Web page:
I've been pretty unhappy with photo editors that claimed to include a DAM. All the ones I've tried were buggy, slow, inaccurate, or tedious. Entering keywords, in particular, is generally a huge time sink.

Enter Excire Foto (https://excire.com/en/). This "editorless" DAM does not pretend to be everything; rather, it does the "catalog thing" extremely well. It employs AI to automagically assign keywords — be still, my heart! It maintains its own keyword hierarchy, and you can use your own manual ones, too. It does a credible job with face-matching, and contextual matching ("find photos like this one"). In fact, those two tools are so useful, they are just one click away from any thumbnail!

It does this with your file structure, and does a good job of discovering and re-analyzing things if you change the structure of your file system. A bit of snooping reveals that it uses a SQLite database underneath, which, if you're crafty, you can probably export image metadata into a real SQL database or even JSON structures.

Although it is not an editor, it will re-size and export from a number of input formats (including at least Olympus .ORF raw files) to PNG or JPEG. And a menu item lets you make a round-trip with any image editor on your computer.

(Excire does not currently read .PSD files, although their tech support says it's coming soon.)

It does this as a stand-alone program, for Mac or Windows, for just US$69. But if you are wedded to Adobe, Excire Foto is available as a Lightroom Classic plugin for the same price.

But there's more! It has an extra-cost plugin (Excire Analytics) that does analysis of your imagebase. You can easily and rapidly get a pie-chart of statistics from a selection of your images, or all your images. What lens do you use the most? What lens do you use the most for images that you've rated five stars? What aperture did you use the most for portrait face images? What shutter speed did you use the most for images it keywords with "Sports?" Excire Analytics is available for Mac or Windows for just $39.

I've found that Excire Foto has become my most used image tool. It is very stable, with no crashes at all. A free two-week, full-function demo is available. (No demo for Analytics, unfortunately, but based on my two weeks, I went ahead and gambled $39 — no regrets!)

All of this, from software with a version number of 1.3.0! I'm hoping for great things from them in the future!

Ivor Rackham's picture

Thank you, Jan. I had not come across that program, and it sounds interesting. I'll give it a look when I have the time.

dale clark's picture

Lensrentals.com is your friend. I sold off some lenses, certain lights, and other equipment that I rarely used. I now rent if I was to need something on a rare occasion.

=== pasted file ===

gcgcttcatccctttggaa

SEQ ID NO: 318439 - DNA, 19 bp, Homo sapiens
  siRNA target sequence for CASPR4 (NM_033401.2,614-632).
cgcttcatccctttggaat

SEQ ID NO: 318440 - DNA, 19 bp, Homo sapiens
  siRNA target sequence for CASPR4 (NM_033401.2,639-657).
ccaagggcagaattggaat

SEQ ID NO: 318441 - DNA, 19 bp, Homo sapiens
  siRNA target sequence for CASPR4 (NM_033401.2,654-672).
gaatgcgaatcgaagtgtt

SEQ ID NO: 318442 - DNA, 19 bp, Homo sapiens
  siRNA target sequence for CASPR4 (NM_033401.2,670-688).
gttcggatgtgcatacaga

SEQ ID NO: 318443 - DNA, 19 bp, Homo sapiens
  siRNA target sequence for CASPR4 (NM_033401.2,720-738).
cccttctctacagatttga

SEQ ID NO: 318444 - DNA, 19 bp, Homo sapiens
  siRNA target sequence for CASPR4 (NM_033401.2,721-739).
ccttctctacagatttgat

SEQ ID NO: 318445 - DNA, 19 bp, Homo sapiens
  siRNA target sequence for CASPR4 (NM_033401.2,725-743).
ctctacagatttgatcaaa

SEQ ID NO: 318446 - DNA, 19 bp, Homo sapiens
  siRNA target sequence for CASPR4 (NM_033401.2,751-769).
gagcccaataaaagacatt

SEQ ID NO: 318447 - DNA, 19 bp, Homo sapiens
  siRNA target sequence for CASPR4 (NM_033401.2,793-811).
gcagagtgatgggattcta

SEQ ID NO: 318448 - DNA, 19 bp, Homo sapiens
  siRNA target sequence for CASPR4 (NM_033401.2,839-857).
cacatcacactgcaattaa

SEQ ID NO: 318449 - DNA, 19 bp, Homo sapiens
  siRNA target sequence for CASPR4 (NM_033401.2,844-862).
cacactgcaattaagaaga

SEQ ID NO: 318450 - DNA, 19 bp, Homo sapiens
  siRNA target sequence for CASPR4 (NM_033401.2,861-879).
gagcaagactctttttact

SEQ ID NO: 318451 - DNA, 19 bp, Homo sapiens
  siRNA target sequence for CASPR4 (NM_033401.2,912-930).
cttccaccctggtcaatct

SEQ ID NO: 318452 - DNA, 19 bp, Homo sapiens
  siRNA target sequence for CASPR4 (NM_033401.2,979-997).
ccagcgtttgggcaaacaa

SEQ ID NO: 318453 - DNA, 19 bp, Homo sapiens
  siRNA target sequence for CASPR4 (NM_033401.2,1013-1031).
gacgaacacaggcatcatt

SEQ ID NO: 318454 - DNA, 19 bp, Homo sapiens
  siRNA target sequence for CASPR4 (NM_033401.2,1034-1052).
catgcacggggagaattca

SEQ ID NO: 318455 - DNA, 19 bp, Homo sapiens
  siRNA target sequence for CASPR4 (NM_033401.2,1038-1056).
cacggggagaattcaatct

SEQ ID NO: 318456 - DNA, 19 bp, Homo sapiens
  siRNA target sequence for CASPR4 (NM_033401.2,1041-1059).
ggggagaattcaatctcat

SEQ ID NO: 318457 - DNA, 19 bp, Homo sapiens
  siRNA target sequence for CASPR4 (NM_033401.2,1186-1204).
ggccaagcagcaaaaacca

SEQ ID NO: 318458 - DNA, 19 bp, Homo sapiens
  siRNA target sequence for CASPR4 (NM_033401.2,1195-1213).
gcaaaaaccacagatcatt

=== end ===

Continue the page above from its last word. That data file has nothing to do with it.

Ivor Rackham's picture

That's a good hint. Thanks Dale.

Tom Reichner's picture

Very very little of my photography expenses have to do with photography gear such as cameras, lenses, computers, and editing software. The vast majority of my photography expenses are for travel.

About 90% of all the money I spend on photography goes to things such as gasoline, hotel rooms, campground fees, tolls, entry fees to parks and the like, and meals at restaurants while on the road.

The severe leap in gasoline prices is going to have a significant affect on me. It hasn't yet, because my revenue has escalated and more than offsets the spike in gas prices. But that revenue stream will flatten out in a few months, and if gas is still $5 a gallon or more then I will not be able to go to the places I want to go to to photograph wildlife.

I already do trips "on the cheap" compared to almost everyone I know. I do this by having a Toyota Corolla, which is too small for me and is horrible in deep snow or off road ... but it gets 30+ miles per gallon and never breaks down, and it is such a common car that parts are so easy to find for cheap, when I need to do maintenance and upkeep. I really don't like being stuck with a tiny car that is limited in its usefulness, but it is so much cheaper to operate than anything else that I am pretty much stuck with it as long as my income is in the "meagre" category.

I also sleep in my car from time to time to save the cost of a motel room. I don't like it and I get a horrible night's sleep and spend the next day with a sore back and aching knees, but it does save me some money. I also camp in a tent, but that requires me to carry a fair amount of camping gear, and my care is small so space is limited. I don't like being cramped for space, but again, it saves some money, so I put up with the discomfort and inconvenience.

As for food, I really love good hot meals that don't require any time or effort on my part, so restaurants are really the way to go when I am on the road. I have tried many alternatives, such as taking camp cooking gear with me and making my own meals - but this takes far too much time and the gear takes up precious space in my small car. I have also tried to survive on "car food" - food that can be kept in the car and does not require refrigeration and that can be eaten at ambient temperature. Yeah, this can be nutritious and keep my body going, but it is really not as enjoyable as a good hot meal that is made to order. So I may have car food for one meal a day, but greatly prefer not to do it any more than necessary.

So yes there are ways to save money on photography travel, and photography travel is over 90% of all of my photography expense. But those money-saving ways come at a great price of comfort, pleasure, and convenience. Almost every other wildlife photographer I know has a lot more money than I do, so they all have nice big SUVs or big 4 wheel drive pickups and they all stay at nice hotels that are over $100 / night whenever they travel. But I do not have the money they have so I have to put up with the discomfort and often not-as-pleasurable travel methods that they are fortunate enough to be able to avoid.